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the thrush hermit article.

hey there folks.  i thought some of you might be
interested in seeing the unedited version of my
thrush hermit article, which appears in the 
current issue of _the coast_.  so here it is...

    They're the rock and roll dreamers of the Halifax alternative pop
scene, and as of this week, they're one giant step closer to living out
that dream.  Thrush Hermit have signed their big record deal, and like
the Halifax bands that have blazed the trail ahead of them, it's with a
US label.  But unlike Sub Pop signees jale and The Hardship Post, this
young and ambitious quartet have adventurously decided to go major label.
They've signed a potentially long-term deal with Elektra, the high-
profile Warner Brothers division.  So how do they feel about being
labelmates with Jerry Lee Lewis, Emmylou Harris, Bjork, and Metallica?
    "We're totally content with it," says Joel Plaskett.  "We got some
things.  We obviously made a lot of concessions."  Rob Benvie adds,
"Every major label deal is not in the artists' favour."  The two
vocalist/guitarists are impressively articulate about the nature of the
music business, as well as the tradeoffs they're making by signing this
deal.  Hardly surprising when you consider the company they're keeping.
For the past four years, the band have been an integral part of the scene
revolving around Sloan's label Murderecords.  You might say that they've
been going to rock and roll school, and taking careful notes.
    "The industry is fundamentally evil, but you can deal with good
people and still make good records," Plaskett says.  "This deal took a
long time to feel comfortable with, but we're pretty psyched now."
    Despite the musical maturity and industry savvy that the band are
exhibiting, the band still find themselves working against a young-and-
innocent image that is partly a result of the way they were introduced to
fans years ago.  "We first went on tour with Sloan when we were 18 and
just out of high school, and the press was centered around that, and now
it comes back to haunt us."  Benvie notes that their image is also, to
some extent, deserved:  "We'd rather be, you know, throwing TVs out of
windows, but we're more like, tucked in bed by nine."
    More than anything, the two guitarists and their bandmates Ian
McGettigan and Cliff Gibb are excited at the possibility of touring on a
much more extensive scale.  Plaskett looks forward to better venues and
more peace of mind: "[We'll be able to] go out, and think, if the van
breaks down, we don't have to call our parents and get them to bail us
out." The kind of label support that Elektra can provide will help them
overcome the natural geographical disadvantage that Halifax bands face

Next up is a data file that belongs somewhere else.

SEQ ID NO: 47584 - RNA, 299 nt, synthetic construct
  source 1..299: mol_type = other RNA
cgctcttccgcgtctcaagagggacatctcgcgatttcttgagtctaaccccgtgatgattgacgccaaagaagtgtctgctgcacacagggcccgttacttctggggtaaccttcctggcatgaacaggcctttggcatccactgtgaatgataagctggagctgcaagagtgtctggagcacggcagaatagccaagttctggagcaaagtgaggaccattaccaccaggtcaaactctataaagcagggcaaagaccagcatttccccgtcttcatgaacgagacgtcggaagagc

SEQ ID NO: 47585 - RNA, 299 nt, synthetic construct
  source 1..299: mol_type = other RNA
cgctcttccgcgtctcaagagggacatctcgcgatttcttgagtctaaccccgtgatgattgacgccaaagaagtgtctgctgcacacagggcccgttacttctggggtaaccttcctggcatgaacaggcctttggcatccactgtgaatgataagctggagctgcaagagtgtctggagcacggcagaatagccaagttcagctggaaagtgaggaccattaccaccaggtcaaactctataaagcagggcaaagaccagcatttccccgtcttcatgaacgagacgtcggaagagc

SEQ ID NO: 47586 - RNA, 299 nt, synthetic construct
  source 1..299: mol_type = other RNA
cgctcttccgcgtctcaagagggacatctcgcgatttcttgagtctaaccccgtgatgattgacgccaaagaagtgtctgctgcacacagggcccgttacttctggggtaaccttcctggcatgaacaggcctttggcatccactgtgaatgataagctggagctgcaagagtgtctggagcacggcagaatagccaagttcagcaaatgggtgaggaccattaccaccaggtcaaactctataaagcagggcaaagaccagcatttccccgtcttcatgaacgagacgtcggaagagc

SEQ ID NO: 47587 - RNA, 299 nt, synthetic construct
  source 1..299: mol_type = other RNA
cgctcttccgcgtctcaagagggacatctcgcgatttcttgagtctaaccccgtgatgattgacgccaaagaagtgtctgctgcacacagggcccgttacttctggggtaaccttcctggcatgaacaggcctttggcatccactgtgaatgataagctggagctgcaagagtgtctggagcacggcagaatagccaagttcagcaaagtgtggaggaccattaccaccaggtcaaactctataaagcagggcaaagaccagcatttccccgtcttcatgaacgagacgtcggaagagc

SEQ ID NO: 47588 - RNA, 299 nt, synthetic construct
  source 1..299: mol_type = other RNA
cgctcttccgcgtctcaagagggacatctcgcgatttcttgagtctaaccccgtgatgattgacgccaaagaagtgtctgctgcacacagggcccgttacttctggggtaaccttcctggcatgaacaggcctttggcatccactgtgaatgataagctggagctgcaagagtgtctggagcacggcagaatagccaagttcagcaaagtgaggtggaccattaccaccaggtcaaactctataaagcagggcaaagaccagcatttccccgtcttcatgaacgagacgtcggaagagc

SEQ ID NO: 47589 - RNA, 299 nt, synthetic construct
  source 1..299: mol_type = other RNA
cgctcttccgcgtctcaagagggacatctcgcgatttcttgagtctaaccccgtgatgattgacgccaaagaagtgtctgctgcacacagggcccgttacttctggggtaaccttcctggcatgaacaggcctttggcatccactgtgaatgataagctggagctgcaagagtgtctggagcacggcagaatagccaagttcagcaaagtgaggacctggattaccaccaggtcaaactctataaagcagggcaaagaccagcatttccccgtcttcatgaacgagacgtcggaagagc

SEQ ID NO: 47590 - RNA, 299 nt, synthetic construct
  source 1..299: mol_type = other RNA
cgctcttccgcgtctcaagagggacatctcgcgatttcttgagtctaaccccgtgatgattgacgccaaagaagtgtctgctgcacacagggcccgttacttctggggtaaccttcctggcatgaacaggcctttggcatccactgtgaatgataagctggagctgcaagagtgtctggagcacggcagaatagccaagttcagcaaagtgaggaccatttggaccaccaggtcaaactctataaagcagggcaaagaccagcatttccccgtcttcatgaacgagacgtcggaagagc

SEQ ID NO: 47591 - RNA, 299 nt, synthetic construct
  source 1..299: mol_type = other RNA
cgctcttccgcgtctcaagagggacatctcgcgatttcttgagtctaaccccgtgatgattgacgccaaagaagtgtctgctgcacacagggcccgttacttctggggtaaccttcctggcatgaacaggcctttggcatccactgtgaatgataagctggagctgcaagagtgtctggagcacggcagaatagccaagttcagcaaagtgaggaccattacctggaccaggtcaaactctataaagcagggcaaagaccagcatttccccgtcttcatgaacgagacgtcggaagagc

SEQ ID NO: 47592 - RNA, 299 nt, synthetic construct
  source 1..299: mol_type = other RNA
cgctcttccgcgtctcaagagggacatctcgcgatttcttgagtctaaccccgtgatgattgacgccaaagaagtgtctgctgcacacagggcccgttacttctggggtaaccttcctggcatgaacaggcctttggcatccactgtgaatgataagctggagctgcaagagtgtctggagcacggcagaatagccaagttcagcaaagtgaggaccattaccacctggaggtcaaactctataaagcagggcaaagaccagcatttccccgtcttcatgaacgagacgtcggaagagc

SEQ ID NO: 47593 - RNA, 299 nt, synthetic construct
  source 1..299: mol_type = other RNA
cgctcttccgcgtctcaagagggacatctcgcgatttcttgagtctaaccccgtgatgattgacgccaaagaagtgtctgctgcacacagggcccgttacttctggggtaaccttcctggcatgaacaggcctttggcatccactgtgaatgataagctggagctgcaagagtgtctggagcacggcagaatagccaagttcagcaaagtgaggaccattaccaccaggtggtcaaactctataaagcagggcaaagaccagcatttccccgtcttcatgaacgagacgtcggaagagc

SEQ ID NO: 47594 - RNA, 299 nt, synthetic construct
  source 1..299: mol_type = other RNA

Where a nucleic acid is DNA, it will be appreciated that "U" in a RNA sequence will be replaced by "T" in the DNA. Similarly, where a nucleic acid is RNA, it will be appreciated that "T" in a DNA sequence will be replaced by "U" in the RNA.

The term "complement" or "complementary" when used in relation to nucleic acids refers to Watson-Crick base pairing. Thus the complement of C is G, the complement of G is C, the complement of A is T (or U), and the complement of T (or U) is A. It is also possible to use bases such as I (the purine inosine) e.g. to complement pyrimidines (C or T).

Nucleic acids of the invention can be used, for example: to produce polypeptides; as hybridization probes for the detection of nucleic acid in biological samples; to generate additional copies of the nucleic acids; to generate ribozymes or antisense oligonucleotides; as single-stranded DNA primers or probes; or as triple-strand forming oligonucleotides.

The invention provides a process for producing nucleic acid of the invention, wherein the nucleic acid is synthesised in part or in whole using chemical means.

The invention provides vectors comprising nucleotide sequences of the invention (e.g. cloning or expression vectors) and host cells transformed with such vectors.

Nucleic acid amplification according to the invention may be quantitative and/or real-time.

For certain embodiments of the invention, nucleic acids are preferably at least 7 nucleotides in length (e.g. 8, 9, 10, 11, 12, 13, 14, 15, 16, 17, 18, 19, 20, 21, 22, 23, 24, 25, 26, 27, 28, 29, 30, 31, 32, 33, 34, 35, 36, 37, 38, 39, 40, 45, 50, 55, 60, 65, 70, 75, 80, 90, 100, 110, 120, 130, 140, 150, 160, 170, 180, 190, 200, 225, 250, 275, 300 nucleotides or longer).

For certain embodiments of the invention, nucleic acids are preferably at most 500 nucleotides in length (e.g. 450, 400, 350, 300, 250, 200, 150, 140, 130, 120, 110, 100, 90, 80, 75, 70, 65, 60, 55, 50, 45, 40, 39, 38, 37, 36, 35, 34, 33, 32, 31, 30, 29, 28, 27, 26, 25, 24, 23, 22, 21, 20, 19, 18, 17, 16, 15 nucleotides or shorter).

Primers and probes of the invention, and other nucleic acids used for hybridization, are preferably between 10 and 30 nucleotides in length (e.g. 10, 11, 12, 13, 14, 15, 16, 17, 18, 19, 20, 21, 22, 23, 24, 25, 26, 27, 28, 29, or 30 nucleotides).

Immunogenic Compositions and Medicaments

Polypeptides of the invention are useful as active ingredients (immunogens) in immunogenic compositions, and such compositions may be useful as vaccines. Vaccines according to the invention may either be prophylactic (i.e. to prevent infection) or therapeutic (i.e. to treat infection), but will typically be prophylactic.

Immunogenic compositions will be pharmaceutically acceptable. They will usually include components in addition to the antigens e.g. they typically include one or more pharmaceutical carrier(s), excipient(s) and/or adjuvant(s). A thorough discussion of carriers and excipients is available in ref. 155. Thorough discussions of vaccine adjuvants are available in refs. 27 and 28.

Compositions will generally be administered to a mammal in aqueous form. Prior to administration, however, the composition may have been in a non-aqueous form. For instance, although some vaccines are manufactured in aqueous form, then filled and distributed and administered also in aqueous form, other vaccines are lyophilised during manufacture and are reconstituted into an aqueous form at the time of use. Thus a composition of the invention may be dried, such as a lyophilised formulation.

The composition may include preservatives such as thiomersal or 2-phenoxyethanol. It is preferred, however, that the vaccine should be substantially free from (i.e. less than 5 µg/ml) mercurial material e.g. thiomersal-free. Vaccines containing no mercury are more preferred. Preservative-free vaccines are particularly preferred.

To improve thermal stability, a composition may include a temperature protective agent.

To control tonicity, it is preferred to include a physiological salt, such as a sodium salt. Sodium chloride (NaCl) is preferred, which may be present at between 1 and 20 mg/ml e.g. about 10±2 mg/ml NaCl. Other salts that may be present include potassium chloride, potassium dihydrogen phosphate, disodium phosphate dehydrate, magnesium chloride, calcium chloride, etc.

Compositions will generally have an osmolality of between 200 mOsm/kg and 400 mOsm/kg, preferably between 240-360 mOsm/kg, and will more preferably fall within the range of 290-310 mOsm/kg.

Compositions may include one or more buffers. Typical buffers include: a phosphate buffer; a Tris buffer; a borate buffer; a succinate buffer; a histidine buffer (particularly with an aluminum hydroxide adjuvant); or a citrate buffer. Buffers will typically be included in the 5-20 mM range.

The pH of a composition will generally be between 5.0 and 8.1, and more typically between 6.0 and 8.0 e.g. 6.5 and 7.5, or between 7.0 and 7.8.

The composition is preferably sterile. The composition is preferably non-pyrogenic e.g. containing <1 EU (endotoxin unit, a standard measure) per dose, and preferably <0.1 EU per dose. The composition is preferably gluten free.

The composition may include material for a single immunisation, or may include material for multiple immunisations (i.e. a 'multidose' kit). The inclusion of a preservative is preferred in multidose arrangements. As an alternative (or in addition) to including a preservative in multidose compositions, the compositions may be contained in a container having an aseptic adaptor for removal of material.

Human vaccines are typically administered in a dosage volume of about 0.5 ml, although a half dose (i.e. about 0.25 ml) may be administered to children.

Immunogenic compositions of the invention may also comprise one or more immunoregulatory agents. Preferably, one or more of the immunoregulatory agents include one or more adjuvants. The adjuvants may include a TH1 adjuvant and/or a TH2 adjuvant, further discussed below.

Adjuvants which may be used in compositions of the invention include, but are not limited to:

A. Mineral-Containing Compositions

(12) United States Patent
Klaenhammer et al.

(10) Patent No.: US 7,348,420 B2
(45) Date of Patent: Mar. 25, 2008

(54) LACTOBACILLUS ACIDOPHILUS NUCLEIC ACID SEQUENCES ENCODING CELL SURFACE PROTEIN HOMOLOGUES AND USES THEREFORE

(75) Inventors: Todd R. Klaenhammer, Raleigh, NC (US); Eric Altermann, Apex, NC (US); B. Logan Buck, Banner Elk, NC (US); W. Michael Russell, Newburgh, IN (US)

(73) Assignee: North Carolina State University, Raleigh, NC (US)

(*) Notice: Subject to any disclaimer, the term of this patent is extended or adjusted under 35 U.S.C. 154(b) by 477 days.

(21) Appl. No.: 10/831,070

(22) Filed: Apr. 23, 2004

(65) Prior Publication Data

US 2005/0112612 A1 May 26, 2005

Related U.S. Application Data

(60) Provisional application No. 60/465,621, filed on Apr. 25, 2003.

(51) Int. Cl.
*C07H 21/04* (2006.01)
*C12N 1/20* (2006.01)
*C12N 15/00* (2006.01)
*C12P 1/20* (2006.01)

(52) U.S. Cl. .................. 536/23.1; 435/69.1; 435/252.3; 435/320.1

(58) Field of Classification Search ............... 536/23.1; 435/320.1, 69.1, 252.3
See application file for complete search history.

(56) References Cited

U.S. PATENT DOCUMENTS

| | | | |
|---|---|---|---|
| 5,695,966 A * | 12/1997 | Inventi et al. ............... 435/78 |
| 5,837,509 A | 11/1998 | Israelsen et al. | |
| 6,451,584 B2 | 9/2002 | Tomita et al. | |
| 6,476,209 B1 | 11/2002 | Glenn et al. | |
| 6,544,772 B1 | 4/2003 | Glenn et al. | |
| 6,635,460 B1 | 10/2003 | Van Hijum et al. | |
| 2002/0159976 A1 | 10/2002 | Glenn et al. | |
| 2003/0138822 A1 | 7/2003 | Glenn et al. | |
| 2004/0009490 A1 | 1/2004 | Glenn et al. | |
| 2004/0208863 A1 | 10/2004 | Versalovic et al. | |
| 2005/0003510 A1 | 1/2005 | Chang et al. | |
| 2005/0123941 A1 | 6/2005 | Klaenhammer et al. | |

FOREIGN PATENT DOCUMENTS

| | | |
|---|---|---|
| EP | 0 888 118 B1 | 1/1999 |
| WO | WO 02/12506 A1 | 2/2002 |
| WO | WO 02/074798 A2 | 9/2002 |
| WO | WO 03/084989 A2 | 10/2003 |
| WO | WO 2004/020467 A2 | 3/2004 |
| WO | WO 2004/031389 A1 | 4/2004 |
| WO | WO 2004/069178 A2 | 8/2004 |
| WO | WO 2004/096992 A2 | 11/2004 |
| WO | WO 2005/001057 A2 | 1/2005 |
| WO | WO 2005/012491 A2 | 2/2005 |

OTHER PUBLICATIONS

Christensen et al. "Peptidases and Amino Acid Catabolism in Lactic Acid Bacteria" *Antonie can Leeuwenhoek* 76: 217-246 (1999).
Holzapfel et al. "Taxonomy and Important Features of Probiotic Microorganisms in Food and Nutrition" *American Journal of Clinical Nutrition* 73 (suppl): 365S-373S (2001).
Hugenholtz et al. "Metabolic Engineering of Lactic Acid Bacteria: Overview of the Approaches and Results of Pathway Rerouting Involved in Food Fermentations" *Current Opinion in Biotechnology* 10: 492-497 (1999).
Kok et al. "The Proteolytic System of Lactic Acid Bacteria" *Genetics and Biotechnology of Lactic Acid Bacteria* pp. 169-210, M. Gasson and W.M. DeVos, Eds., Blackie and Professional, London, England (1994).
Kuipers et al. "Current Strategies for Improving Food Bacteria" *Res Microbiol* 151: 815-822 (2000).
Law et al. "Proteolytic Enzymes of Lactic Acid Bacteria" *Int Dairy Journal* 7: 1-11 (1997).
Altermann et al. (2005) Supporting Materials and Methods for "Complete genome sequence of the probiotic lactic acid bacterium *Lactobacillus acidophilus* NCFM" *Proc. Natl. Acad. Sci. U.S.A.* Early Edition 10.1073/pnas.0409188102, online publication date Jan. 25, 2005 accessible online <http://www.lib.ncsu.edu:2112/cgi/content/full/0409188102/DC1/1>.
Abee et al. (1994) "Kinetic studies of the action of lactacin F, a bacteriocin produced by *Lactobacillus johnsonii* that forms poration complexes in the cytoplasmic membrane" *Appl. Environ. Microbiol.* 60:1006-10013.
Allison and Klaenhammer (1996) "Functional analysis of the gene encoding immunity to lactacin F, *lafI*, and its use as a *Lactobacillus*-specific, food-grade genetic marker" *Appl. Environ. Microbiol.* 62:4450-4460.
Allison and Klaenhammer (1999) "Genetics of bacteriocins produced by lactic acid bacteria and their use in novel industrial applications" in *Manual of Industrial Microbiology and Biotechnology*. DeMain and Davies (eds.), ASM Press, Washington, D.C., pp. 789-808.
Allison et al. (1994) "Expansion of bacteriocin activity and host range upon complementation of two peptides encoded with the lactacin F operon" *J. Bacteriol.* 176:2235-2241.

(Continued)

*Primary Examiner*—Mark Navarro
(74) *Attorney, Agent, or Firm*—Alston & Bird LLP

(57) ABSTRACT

whenever they want to take their show on the road.  "We live in Nova
Scotia, we don't live in New York where you can tour the east coast and
build up a fan base really easily.  We have to drive 15 hours to our
first big show -- Montreal or Boston."
    "When we've been on tour in the States we've felt like losers -- not
very confident," says Benvie.  "Our records weren't available, and there
wasn't opportunity for radio to play us, except for a couple of singles."
But now with American distribution and tour support, the band hope to
realize a sustainable level of success that can't be had for a Canadian
band in the US within the independent scene. "We have to be free to do
the things we want to do, because we're ambitious young lads.  We have to
have money to pay the bills."
    And how would that level of success affect their lives at home in
Halifax?  "Right now, I feel like no one really cares about us at all,"
says Plaskett.  "I think people might acknowledge the fact that they like
our music, or that we're good.  But in the wake of a lot of other
releases.. there's so many good bands here!"
    Both Benvie and Plaskett are convinced that widespread fame would
simply allow them to play more often here, rather than turning local
appearances into a rarity.  "We want to be the house band, and play
somewhere every week!" Plaskett enthuses.  He'd rather not have fame in
the US translate into the kind of celebrity status at home that might
force the band to keep to themselves.  "The smaller you can remain in
your hometown, the better it is for you, if you think about it.  Just
because, this is the place that we live."
    After four years on the Halifax scene, two-self-released cassettes,
and two EPs and a 7" on local labels Murderecords and Cinnamon Toast (as
well as 7" singles on Bongload and Genius in the US), the band are still
enthusiastic about the advantages of a small, isolated scene.  They
express some distaste about the "networking frenzy" that they encounter
on tour in southern Ontario.
    "Everytime we play there we get all these tapes chucked at us, and
that's cool, but it's be kinda cooler if bands were like the Motes, from
Truro, who didn't do anything, just made a tape and stayed in their
houses," says Benvie.
    Plaskett agrees: "They maintain a certain mystery that way.  And
excitement too.  I think a really important thing to keep is the
excitement surrounding a band.  I think, with us, it's really hard around
here for people to view our band with any sort of anticipation."
    Although the band have no complaints about how they've been treated
at Birdland, the lack of a smaller venue for alternative bands bothers
them to some extent.  "We really should be playing some place in Halifax
considerably smaller."
    Being part of a thriving scene also allows the band to indulge a few
other projects from time to time.  Their ongoing classic-rock-
deconstructing side band, the Tim Robbins Experience, where the three
front members switch instruments and let loose their more comedic and